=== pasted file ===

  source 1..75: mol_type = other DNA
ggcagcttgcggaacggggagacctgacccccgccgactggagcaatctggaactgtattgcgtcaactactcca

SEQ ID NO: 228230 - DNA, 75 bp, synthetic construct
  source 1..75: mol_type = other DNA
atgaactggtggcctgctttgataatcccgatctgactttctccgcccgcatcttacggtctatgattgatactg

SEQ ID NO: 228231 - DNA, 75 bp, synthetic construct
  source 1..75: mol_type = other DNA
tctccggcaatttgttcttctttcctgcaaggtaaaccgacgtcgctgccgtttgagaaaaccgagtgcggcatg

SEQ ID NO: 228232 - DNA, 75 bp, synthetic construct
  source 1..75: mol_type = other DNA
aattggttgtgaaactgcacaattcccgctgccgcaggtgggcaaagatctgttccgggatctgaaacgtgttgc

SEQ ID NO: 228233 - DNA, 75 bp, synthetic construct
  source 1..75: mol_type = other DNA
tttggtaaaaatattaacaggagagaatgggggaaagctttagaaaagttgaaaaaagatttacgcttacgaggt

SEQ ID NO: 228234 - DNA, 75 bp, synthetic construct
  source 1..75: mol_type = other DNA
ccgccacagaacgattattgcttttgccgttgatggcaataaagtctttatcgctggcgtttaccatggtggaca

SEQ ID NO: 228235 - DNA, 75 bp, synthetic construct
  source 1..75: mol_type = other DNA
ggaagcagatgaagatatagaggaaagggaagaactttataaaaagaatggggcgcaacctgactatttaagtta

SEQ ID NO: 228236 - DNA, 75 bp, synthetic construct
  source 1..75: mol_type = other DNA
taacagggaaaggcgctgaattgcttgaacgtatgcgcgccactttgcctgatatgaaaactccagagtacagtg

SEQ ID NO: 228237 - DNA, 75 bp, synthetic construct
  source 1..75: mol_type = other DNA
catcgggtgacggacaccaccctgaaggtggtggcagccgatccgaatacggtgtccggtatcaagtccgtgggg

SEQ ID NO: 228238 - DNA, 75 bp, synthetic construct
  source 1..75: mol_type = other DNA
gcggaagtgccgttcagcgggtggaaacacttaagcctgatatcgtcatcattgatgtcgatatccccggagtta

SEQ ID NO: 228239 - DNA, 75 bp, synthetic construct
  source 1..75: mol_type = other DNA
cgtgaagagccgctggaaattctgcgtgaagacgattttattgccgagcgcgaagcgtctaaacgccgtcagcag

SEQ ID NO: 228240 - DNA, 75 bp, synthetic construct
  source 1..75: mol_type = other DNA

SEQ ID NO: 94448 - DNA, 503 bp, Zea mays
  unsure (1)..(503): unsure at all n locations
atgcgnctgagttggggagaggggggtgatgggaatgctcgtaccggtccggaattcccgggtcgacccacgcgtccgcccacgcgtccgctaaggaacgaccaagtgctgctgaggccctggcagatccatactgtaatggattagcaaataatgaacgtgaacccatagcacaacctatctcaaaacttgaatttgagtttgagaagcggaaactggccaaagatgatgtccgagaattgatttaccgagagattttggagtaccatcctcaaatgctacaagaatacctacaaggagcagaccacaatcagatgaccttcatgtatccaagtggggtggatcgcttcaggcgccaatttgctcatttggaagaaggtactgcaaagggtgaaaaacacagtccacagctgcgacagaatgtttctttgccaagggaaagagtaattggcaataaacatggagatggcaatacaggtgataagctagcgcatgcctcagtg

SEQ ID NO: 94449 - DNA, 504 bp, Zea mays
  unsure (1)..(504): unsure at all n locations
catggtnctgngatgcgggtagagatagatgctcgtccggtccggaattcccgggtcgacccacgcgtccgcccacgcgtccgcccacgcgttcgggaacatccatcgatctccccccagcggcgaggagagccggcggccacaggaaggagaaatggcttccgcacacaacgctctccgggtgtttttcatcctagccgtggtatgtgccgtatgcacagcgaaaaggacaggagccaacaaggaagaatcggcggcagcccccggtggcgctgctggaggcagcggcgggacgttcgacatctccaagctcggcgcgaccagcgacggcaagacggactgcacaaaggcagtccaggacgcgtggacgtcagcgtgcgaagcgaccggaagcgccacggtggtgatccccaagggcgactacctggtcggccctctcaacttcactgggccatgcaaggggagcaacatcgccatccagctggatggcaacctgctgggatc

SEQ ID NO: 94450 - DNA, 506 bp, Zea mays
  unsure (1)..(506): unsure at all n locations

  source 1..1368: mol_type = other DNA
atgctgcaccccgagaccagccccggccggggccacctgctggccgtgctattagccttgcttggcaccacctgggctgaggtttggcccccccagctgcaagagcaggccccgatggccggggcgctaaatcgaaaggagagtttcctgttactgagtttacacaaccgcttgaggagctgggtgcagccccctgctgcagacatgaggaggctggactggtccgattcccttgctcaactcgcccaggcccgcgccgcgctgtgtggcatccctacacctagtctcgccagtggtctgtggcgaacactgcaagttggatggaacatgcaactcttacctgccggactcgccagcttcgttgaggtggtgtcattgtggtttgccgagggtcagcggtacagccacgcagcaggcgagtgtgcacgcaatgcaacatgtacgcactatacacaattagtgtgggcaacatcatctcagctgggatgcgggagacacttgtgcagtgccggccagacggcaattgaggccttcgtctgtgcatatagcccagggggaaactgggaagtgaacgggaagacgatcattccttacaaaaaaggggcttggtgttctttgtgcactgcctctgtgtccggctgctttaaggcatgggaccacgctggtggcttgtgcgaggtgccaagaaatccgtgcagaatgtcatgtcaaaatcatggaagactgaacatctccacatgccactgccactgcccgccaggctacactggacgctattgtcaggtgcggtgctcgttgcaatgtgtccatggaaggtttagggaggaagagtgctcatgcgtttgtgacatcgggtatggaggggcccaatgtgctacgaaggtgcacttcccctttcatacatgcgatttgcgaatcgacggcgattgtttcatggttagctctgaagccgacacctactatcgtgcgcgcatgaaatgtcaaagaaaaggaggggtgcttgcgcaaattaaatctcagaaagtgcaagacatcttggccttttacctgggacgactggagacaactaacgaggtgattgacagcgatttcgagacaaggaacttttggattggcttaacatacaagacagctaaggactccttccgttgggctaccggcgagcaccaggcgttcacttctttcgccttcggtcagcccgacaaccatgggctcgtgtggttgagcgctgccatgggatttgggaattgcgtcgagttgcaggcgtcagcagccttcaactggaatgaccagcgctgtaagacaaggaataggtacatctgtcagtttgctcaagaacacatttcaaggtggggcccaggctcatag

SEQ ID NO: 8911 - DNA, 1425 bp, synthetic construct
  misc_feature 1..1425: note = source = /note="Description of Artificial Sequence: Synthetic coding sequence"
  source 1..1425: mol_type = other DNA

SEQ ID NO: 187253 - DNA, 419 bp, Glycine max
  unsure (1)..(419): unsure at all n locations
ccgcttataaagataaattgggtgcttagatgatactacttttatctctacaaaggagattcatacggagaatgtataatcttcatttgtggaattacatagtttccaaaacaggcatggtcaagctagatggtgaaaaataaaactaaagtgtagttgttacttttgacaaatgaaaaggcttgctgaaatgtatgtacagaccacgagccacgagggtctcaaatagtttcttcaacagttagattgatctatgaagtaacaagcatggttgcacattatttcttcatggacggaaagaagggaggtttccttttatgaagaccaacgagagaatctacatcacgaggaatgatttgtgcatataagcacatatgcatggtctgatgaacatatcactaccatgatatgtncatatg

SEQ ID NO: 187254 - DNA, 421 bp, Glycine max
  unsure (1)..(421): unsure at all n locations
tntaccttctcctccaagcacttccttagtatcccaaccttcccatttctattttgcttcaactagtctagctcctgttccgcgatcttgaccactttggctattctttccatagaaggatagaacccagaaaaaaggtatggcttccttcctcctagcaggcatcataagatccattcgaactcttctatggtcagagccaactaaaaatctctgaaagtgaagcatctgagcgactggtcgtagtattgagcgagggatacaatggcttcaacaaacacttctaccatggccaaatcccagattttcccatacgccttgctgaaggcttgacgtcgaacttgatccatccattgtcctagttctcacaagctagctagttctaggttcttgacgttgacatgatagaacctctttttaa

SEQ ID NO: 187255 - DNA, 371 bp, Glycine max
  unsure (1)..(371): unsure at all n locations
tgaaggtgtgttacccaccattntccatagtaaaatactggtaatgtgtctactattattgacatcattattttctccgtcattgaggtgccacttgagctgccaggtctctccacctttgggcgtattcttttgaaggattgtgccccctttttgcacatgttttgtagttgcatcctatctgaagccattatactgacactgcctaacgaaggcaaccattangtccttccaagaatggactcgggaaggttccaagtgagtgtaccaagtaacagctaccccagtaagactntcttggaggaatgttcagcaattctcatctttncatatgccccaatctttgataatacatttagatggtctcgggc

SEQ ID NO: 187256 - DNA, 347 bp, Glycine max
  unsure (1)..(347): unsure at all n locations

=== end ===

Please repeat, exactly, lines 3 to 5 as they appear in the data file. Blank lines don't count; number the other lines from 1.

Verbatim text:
SEQ ID NO: 228230 - DNA, 75 bp, synthetic construct
  source 1..75: mol_type = other DNA
atgaactggtggcctgctttgataatcccgatctgactttctccgcccgcatcttacggtctatgattgatactg